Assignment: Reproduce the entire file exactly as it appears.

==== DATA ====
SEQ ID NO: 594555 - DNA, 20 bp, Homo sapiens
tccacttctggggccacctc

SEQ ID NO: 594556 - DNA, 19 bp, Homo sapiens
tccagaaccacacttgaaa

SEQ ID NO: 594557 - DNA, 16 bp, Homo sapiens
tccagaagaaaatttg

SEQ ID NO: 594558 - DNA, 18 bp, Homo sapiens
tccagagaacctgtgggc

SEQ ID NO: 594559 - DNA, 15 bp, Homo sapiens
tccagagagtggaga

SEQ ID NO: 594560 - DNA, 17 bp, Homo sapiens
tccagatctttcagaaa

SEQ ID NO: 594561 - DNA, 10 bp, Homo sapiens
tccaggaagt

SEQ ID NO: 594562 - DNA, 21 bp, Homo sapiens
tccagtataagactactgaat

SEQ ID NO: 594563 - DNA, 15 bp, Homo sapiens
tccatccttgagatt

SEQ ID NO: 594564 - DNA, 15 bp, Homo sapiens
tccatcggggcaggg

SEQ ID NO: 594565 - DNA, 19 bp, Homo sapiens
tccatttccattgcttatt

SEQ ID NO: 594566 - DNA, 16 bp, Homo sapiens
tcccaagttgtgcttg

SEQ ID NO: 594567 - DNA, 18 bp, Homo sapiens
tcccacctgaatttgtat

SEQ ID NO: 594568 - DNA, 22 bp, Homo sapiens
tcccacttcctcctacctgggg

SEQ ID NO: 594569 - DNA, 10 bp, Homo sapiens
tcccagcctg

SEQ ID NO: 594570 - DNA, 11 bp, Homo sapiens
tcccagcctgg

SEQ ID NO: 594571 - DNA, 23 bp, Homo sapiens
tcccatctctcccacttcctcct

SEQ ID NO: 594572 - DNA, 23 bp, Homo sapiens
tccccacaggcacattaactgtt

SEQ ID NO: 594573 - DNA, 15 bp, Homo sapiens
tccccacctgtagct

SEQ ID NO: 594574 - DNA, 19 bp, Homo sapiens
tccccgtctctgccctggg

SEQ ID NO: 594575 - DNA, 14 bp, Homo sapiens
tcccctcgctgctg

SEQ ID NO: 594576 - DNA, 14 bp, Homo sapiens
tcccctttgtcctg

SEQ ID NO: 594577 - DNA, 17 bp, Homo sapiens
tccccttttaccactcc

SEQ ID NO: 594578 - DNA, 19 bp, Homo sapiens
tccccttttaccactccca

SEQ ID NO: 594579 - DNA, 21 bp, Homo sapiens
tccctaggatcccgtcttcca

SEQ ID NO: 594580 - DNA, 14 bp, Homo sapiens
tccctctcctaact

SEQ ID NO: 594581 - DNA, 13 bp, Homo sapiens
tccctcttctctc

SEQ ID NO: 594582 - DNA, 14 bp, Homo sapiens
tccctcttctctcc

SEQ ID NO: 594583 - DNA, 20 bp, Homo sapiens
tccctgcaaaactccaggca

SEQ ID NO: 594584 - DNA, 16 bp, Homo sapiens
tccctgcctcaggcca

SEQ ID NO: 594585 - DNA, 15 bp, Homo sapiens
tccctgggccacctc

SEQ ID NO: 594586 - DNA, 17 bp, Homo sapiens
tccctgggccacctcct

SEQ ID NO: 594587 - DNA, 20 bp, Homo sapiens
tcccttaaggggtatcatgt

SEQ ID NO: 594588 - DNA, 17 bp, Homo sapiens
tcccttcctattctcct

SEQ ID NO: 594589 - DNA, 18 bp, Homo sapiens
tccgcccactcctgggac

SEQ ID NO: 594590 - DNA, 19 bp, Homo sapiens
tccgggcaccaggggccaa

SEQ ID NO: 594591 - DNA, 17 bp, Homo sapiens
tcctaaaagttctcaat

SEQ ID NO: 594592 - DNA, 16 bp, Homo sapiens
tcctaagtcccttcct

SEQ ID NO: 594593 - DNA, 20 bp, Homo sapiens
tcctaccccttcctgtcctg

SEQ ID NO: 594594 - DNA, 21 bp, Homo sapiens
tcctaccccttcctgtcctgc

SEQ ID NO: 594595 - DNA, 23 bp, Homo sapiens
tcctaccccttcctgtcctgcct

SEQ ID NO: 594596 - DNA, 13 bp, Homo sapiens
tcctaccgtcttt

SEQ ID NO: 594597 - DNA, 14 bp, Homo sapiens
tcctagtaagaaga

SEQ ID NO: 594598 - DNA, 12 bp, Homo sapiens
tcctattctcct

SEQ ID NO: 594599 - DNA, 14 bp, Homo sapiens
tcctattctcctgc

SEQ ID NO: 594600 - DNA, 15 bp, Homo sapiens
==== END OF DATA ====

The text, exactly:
SEQ ID NO: 594555 - DNA, 20 bp, Homo sapiens
tccacttctggggccacctc

SEQ ID NO: 594556 - DNA, 19 bp, Homo sapiens
tccagaaccacacttgaaa

SEQ ID NO: 594557 - DNA, 16 bp, Homo sapiens
tccagaagaaaatttg

SEQ ID NO: 594558 - DNA, 18 bp, Homo sapiens
tccagagaacctgtgggc

SEQ ID NO: 594559 - DNA, 15 bp, Homo sapiens
tccagagagtggaga

SEQ ID NO: 594560 - DNA, 17 bp, Homo sapiens
tccagatctttcagaaa

SEQ ID NO: 594561 - DNA, 10 bp, Homo sapiens
tccaggaagt

SEQ ID NO: 594562 - DNA, 21 bp, Homo sapiens
tccagtataagactactgaat

SEQ ID NO: 594563 - DNA, 15 bp, Homo sapiens
tccatccttgagatt

SEQ ID NO: 594564 - DNA, 15 bp, Homo sapiens
tccatcggggcaggg

SEQ ID NO: 594565 - DNA, 19 bp, Homo sapiens
tccatttccattgcttatt

SEQ ID NO: 594566 - DNA, 16 bp, Homo sapiens
tcccaagttgtgcttg

SEQ ID NO: 594567 - DNA, 18 bp, Homo sapiens
tcccacctgaatttgtat

SEQ ID NO: 594568 - DNA, 22 bp, Homo sapiens
tcccacttcctcctacctgggg

SEQ ID NO: 594569 - DNA, 10 bp, Homo sapiens
tcccagcctg

SEQ ID NO: 594570 - DNA, 11 bp, Homo sapiens
tcccagcctgg

SEQ ID NO: 594571 - DNA, 23 bp, Homo sapiens
tcccatctctcccacttcctcct

SEQ ID NO: 594572 - DNA, 23 bp, Homo sapiens
tccccacaggcacattaactgtt

SEQ ID NO: 594573 - DNA, 15 bp, Homo sapiens
tccccacctgtagct

SEQ ID NO: 594574 - DNA, 19 bp, Homo sapiens
tccccgtctctgccctggg

SEQ ID NO: 594575 - DNA, 14 bp, Homo sapiens
tcccctcgctgctg

SEQ ID NO: 594576 - DNA, 14 bp, Homo sapiens
tcccctttgtcctg

SEQ ID NO: 594577 - DNA, 17 bp, Homo sapiens
tccccttttaccactcc

SEQ ID NO: 594578 - DNA, 19 bp, Homo sapiens
tccccttttaccactccca

SEQ ID NO: 594579 - DNA, 21 bp, Homo sapiens
tccctaggatcccgtcttcca

SEQ ID NO: 594580 - DNA, 14 bp, Homo sapiens
tccctctcctaact

SEQ ID NO: 594581 - DNA, 13 bp, Homo sapiens
tccctcttctctc

SEQ ID NO: 594582 - DNA, 14 bp, Homo sapiens
tccctcttctctcc

SEQ ID NO: 594583 - DNA, 20 bp, Homo sapiens
tccctgcaaaactccaggca

SEQ ID NO: 594584 - DNA, 16 bp, Homo sapiens
tccctgcctcaggcca

SEQ ID NO: 594585 - DNA, 15 bp, Homo sapiens
tccctgggccacctc

SEQ ID NO: 594586 - DNA, 17 bp, Homo sapiens
tccctgggccacctcct

SEQ ID NO: 594587 - DNA, 20 bp, Homo sapiens
tcccttaaggggtatcatgt

SEQ ID NO: 594588 - DNA, 17 bp, Homo sapiens
tcccttcctattctcct

SEQ ID NO: 594589 - DNA, 18 bp, Homo sapiens
tccgcccactcctgggac

SEQ ID NO: 594590 - DNA, 19 bp, Homo sapiens
tccgggcaccaggggccaa

SEQ ID NO: 594591 - DNA, 17 bp, Homo sapiens
tcctaaaagttctcaat

SEQ ID NO: 594592 - DNA, 16 bp, Homo sapiens
tcctaagtcccttcct

SEQ ID NO: 594593 - DNA, 20 bp, Homo sapiens
tcctaccccttcctgtcctg

SEQ ID NO: 594594 - DNA, 21 bp, Homo sapiens
tcctaccccttcctgtcctgc

SEQ ID NO: 594595 - DNA, 23 bp, Homo sapiens
tcctaccccttcctgtcctgcct

SEQ ID NO: 594596 - DNA, 13 bp, Homo sapiens
tcctaccgtcttt

SEQ ID NO: 594597 - DNA, 14 bp, Homo sapiens
tcctagtaagaaga

SEQ ID NO: 594598 - DNA, 12 bp, Homo sapiens
tcctattctcct

SEQ ID NO: 594599 - DNA, 14 bp, Homo sapiens
tcctattctcctgc

SEQ ID NO: 594600 - DNA, 15 bp, Homo sapiens